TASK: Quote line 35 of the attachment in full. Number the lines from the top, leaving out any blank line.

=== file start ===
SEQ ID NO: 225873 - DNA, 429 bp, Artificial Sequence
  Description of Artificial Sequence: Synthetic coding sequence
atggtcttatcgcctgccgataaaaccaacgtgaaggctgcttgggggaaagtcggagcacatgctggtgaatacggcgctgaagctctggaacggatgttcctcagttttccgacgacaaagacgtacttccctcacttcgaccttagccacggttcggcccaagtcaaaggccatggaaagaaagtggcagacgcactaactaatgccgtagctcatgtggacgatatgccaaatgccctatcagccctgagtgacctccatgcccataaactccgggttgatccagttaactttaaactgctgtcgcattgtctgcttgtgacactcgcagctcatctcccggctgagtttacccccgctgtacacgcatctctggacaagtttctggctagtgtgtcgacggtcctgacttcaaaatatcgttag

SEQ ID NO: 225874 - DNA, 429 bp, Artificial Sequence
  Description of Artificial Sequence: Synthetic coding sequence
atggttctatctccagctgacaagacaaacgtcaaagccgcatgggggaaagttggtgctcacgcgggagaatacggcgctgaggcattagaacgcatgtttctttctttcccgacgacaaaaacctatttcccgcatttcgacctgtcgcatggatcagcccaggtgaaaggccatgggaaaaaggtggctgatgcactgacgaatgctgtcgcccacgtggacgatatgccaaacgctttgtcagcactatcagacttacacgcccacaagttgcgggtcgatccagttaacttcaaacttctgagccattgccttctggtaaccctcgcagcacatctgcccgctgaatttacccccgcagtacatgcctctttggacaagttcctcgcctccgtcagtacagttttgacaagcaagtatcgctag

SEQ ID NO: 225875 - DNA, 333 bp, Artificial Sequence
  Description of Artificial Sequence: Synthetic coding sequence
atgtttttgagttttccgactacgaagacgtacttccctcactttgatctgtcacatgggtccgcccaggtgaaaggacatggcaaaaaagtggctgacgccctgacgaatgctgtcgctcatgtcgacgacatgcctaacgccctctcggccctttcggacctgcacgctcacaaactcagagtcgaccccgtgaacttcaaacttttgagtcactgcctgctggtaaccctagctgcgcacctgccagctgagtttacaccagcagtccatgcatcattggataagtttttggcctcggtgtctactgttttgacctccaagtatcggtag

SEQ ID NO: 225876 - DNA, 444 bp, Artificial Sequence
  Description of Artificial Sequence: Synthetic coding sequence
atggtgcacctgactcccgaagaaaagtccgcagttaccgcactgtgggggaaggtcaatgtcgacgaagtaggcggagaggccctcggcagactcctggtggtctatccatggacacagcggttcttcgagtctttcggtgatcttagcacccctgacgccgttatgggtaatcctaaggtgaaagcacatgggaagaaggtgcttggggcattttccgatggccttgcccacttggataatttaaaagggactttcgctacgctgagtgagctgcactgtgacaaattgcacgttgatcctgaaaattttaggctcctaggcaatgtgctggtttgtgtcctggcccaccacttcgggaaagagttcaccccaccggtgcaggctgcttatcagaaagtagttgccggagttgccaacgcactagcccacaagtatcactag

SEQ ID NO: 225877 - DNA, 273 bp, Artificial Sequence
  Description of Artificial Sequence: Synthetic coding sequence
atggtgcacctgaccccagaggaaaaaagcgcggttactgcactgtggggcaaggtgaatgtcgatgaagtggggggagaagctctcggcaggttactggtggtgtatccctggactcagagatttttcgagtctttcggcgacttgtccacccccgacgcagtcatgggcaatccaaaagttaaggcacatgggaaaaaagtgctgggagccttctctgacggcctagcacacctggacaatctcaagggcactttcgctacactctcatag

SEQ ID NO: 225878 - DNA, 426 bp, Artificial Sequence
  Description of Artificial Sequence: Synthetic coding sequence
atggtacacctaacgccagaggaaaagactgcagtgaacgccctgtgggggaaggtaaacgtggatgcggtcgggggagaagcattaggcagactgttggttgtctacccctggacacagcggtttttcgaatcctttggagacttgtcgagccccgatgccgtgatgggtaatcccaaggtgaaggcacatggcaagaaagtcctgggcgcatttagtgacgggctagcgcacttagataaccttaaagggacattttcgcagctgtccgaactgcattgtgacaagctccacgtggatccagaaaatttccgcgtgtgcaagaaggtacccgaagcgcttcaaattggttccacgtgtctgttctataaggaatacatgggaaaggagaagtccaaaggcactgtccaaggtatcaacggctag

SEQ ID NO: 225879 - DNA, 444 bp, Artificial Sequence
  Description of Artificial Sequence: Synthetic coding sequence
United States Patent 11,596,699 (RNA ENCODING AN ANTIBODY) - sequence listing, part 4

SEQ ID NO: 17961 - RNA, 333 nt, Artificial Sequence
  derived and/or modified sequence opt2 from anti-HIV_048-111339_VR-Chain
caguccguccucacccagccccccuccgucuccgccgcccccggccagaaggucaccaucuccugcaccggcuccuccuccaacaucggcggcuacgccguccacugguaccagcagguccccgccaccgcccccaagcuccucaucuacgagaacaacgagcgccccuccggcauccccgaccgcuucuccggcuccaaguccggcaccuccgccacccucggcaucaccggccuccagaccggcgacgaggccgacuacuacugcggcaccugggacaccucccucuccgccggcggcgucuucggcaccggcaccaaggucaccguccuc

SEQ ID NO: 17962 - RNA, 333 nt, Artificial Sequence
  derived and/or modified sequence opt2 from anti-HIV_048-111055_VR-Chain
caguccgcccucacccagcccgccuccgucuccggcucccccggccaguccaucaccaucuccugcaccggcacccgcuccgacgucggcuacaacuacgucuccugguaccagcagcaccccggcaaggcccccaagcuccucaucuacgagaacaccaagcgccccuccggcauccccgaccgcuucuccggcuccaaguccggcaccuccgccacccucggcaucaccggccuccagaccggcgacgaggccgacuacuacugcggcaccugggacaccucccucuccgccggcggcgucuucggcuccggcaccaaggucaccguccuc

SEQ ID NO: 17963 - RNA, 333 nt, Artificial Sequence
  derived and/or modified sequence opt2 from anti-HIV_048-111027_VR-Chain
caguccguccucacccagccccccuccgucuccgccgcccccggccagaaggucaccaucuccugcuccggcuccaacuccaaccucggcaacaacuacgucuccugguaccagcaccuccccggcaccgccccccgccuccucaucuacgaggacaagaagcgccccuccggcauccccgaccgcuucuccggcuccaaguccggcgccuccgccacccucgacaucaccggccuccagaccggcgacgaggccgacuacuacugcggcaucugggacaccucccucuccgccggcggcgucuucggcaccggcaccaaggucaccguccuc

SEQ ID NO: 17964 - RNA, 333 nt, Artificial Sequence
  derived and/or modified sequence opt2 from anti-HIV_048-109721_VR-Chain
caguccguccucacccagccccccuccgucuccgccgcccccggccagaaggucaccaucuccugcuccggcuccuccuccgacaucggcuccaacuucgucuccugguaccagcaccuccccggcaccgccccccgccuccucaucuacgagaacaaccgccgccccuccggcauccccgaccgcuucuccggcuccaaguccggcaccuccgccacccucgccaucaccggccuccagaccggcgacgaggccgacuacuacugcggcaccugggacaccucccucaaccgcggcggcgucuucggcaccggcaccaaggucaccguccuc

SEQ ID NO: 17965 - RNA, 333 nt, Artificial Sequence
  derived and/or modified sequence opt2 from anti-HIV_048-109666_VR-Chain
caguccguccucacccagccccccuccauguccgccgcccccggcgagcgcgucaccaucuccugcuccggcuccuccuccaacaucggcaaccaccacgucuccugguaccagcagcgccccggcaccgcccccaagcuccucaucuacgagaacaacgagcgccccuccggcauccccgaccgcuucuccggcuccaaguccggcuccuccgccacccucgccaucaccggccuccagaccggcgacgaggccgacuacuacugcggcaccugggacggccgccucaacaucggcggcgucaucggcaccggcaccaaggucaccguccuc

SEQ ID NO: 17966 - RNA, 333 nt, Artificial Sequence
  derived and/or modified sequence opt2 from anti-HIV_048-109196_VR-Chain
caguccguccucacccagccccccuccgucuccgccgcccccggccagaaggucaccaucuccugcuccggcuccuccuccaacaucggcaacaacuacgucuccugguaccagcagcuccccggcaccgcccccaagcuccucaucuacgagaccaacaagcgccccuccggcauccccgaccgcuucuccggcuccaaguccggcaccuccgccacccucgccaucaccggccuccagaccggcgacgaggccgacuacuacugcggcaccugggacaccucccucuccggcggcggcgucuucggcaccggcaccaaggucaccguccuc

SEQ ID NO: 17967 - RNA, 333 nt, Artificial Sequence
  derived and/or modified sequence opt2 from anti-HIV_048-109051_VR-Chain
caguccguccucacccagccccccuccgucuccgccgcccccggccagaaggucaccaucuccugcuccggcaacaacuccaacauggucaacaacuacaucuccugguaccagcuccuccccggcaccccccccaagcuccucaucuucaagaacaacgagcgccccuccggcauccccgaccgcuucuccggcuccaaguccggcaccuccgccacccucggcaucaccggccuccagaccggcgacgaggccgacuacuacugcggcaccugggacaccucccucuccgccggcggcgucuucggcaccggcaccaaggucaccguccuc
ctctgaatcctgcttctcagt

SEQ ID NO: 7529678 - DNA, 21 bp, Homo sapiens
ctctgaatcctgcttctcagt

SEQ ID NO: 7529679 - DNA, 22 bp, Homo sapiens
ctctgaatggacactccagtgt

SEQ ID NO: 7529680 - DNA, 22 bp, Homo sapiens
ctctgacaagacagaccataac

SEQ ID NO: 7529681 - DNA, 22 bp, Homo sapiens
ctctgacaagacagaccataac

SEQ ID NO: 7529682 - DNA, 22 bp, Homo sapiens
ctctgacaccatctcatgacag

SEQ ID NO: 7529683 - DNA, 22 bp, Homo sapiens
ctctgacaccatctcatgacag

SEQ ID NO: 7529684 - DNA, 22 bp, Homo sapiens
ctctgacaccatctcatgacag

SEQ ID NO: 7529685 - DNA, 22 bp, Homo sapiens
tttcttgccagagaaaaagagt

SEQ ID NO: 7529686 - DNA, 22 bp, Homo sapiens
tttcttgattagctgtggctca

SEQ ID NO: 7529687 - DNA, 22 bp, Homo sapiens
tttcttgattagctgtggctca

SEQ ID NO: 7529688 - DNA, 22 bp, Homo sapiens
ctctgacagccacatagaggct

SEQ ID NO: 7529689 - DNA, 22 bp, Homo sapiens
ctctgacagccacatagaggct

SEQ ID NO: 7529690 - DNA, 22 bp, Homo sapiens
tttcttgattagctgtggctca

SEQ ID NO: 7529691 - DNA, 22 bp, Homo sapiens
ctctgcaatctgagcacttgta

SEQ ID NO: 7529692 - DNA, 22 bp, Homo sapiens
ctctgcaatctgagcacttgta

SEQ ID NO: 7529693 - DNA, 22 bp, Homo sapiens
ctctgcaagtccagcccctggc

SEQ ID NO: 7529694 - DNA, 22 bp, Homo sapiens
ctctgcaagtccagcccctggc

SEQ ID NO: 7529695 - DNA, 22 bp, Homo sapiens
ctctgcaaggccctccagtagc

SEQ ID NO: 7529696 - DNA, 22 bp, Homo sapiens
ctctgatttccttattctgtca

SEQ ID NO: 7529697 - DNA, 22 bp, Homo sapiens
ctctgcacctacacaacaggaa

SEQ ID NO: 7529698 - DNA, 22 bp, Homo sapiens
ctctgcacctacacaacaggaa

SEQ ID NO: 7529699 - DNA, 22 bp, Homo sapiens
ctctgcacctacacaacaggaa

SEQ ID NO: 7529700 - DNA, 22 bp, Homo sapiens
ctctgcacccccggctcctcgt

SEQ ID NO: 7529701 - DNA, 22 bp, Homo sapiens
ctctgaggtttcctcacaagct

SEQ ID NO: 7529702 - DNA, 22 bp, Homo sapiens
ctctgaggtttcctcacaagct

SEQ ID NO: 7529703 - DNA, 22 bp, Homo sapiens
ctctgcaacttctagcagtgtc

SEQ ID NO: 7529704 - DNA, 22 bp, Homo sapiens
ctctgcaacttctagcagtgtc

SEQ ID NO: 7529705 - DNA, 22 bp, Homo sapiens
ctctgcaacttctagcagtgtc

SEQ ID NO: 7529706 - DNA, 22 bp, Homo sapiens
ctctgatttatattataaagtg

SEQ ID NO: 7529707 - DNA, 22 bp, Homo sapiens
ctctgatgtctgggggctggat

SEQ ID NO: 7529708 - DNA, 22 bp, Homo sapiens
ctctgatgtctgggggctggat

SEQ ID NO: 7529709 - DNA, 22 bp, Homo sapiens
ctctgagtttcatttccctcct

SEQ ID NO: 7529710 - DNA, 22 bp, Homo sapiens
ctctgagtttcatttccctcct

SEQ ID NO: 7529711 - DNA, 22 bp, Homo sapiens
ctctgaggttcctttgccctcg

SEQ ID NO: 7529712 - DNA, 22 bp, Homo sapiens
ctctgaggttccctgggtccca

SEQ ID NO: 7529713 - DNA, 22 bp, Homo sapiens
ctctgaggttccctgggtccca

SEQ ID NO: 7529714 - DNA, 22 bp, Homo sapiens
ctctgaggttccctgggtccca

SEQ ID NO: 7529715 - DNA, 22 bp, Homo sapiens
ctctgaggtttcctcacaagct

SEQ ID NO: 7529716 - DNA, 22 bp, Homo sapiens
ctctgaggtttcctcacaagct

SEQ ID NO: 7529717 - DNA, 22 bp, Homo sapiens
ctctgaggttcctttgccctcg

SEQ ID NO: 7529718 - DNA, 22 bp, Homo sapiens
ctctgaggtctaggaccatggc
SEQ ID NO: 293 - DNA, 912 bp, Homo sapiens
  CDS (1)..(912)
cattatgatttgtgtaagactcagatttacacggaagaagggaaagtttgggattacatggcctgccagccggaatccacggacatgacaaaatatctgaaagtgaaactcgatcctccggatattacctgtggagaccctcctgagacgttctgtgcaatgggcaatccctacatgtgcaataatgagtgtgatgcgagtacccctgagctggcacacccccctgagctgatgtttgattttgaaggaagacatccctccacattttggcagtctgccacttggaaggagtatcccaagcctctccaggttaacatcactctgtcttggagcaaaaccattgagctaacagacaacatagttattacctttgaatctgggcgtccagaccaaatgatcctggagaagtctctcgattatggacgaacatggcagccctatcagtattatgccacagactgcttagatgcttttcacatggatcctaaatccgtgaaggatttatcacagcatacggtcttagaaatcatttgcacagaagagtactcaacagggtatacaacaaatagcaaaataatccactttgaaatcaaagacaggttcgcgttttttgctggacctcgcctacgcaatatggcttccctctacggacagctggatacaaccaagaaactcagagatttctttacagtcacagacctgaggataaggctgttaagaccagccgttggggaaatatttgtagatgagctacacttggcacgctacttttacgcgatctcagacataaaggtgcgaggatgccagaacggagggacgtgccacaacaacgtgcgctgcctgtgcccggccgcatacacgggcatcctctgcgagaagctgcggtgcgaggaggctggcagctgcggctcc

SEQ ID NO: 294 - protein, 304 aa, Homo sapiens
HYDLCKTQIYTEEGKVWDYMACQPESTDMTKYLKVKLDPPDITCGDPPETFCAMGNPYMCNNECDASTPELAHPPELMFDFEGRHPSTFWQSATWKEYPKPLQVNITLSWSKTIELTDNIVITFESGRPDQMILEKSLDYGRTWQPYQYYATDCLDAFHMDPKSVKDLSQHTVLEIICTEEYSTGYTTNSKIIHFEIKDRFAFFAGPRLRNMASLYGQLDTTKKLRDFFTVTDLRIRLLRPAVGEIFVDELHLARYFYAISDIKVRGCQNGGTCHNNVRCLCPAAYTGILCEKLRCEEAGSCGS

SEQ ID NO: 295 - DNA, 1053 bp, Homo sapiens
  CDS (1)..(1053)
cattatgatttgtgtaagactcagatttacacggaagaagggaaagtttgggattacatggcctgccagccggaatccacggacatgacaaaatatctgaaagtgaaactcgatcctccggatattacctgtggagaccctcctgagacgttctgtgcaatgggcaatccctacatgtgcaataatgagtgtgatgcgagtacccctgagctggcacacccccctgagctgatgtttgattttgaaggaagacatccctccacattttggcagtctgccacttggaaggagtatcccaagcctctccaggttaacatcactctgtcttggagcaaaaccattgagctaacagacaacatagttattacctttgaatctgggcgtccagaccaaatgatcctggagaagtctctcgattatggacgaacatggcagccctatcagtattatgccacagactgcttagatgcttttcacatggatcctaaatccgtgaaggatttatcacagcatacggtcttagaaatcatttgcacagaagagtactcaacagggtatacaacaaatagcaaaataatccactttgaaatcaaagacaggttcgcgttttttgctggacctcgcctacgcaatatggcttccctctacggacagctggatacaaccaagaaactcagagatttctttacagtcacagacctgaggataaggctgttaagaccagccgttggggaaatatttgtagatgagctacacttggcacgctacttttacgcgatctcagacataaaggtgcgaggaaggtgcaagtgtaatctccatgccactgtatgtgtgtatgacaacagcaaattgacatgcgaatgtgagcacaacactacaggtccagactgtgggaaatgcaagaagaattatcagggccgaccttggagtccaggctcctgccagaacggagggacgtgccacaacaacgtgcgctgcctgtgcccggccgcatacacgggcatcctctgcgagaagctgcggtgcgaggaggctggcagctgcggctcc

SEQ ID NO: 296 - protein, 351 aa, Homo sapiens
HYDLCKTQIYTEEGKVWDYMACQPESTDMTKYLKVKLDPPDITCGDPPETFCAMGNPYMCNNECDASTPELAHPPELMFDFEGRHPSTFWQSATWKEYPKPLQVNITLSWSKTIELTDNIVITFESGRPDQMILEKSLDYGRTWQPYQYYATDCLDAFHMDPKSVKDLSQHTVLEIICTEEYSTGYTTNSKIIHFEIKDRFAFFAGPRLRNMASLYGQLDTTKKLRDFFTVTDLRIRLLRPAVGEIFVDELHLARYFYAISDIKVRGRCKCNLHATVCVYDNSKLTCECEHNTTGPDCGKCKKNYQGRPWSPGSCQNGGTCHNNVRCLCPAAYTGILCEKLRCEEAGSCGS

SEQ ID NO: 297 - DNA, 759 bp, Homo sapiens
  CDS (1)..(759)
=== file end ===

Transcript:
  derived and/or modified sequence opt2 from anti-HIV_048-109666_VR-Chain